Now at Exhibition Stadium just weeks later, the Prime Minister, in full Oscar Wilde mode — jaunty, wide-brimmed fedora, rakish black cape, red lapel rose of course, and mischievous smile — descends the grandstand steps to present the Grey Cup trophy to the victorious Montreal Alouettes. Cowboy-hatted, practical-coated fans of the Calgary Stampeders phalanx the grandstand’s seatage, amused, and perhaps impressed, by the man’s audacious self-possession and singular style.
Trudeau embodied the Italian concept of sprezzatura, translated variously as “effortless mastery,” “spontaneous nonchalance,” and “the art of making the difficult look easy.” I watched him once, gliding as if on ice towards his favourite sushi restaurant not far from Cormier House, his historic Art Deco home in downtown Montreal. The “just watch me” flâneur.
The Billionaire Busker
Guy Laliberté: the man whose combustible passion developed a fire-breathing, stilt-walking busking operation into the largest theatrical production company in the world. The annual billion-dollar earnings of the creative and commercial juggernaut that is Cirque du Soleil equal all the money annually made on Broadway.
With its hugely imaginative synthesis of circus styles from around the world, its story- and character-driven modus operandi, and the absence of performing animals, Cirque du Soleil has transformed the once declining and decaying circus genre into a thing of ever-evolving glory. The Cirque signature: multitudes of fantastic creatures defying gravity and convention; living works of art stealing fire from the gods; dazzlements of perpetual acrobatics, contemplative stillness, twisted dream-like contortions, and pagan mythologies of disintegration and renewal.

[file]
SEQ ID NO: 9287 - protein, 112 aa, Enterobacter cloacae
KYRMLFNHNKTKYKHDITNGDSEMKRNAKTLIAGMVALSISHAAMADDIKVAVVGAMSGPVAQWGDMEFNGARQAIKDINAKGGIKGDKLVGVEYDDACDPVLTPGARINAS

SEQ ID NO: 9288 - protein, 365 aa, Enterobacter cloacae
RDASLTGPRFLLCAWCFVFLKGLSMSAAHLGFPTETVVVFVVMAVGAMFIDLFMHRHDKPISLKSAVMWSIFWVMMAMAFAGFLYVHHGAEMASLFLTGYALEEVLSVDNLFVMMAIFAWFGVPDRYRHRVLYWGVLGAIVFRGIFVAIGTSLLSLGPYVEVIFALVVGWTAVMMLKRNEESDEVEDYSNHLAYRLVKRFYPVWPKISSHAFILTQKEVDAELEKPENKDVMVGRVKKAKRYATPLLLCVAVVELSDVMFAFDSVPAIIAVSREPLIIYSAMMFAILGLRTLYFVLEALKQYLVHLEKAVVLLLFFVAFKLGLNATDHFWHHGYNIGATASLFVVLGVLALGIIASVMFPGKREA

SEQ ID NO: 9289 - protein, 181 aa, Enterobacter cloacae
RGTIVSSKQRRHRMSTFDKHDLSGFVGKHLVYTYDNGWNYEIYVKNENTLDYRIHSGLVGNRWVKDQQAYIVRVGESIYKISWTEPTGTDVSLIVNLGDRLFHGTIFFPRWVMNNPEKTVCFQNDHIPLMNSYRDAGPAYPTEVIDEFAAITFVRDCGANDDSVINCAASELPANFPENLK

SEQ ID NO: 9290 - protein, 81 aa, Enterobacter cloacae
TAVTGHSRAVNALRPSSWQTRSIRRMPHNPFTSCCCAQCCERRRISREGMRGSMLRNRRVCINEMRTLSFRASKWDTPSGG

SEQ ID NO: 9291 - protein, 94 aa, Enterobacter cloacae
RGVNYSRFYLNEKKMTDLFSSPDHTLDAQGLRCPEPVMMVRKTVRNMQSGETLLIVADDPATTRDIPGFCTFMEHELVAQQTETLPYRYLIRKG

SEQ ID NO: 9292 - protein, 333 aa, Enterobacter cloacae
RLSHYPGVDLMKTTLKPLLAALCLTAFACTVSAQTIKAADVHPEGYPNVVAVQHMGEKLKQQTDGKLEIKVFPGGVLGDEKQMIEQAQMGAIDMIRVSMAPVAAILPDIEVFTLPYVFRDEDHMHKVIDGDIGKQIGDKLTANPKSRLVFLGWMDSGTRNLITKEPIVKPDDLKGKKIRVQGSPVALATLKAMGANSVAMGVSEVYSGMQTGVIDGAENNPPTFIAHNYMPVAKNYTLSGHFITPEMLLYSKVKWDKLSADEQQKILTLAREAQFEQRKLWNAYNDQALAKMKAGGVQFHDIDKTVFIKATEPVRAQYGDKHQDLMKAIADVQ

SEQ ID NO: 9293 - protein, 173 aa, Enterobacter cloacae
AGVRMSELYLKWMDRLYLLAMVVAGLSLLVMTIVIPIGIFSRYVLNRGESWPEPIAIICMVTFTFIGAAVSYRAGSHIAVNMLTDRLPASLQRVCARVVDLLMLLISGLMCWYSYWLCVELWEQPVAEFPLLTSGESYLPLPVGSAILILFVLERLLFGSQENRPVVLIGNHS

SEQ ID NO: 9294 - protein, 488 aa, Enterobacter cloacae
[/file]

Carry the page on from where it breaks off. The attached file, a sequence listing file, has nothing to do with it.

From Mystére to Zumanity, from Ovo to a new arena show based on James Cameron’s Avatar, Laliberté has written the New Testament of entertainment and won the respect of the world. The recipient of too many awards and honours to list here, including Time magazine’s “100 most influential people in the world,” the man is far too busy to do much practical flâneuring most days. But he remains a flâneur among flâneurs.
Louise Lecavalier, “the most tragically brilliant dancer alive today” (Melody Maker, London), defines a Montreal-inflected devotion to the ancient, holy sacrament of dance. Her 19-year tenure as the angelically ferocious star of one of the most exciting and innovative modern dance companies in the world, Montreal’s La La La Human Steps; her collaborations with David Bowie, Frank Zappa, and Kevin Shields, some of which inhabit YouTube like purgatorial fever dreams; have forged her into an iconic figure within a permanently subversive Montreal dance tradition.
The gobsmacking signature move for which she’ll always be remembered: the full-body barrel jump, a sort of horizonal pirouette, that seems impossible, but there it is. Her high-flying ventures continue to cram the sagging shelves of a small aircraft hangar with domestic and international honours and awards. In 2014 she received Canada’s highest honour in the performing arts: the Governor General’s Award for Lifetime Artistic Achievement in dance.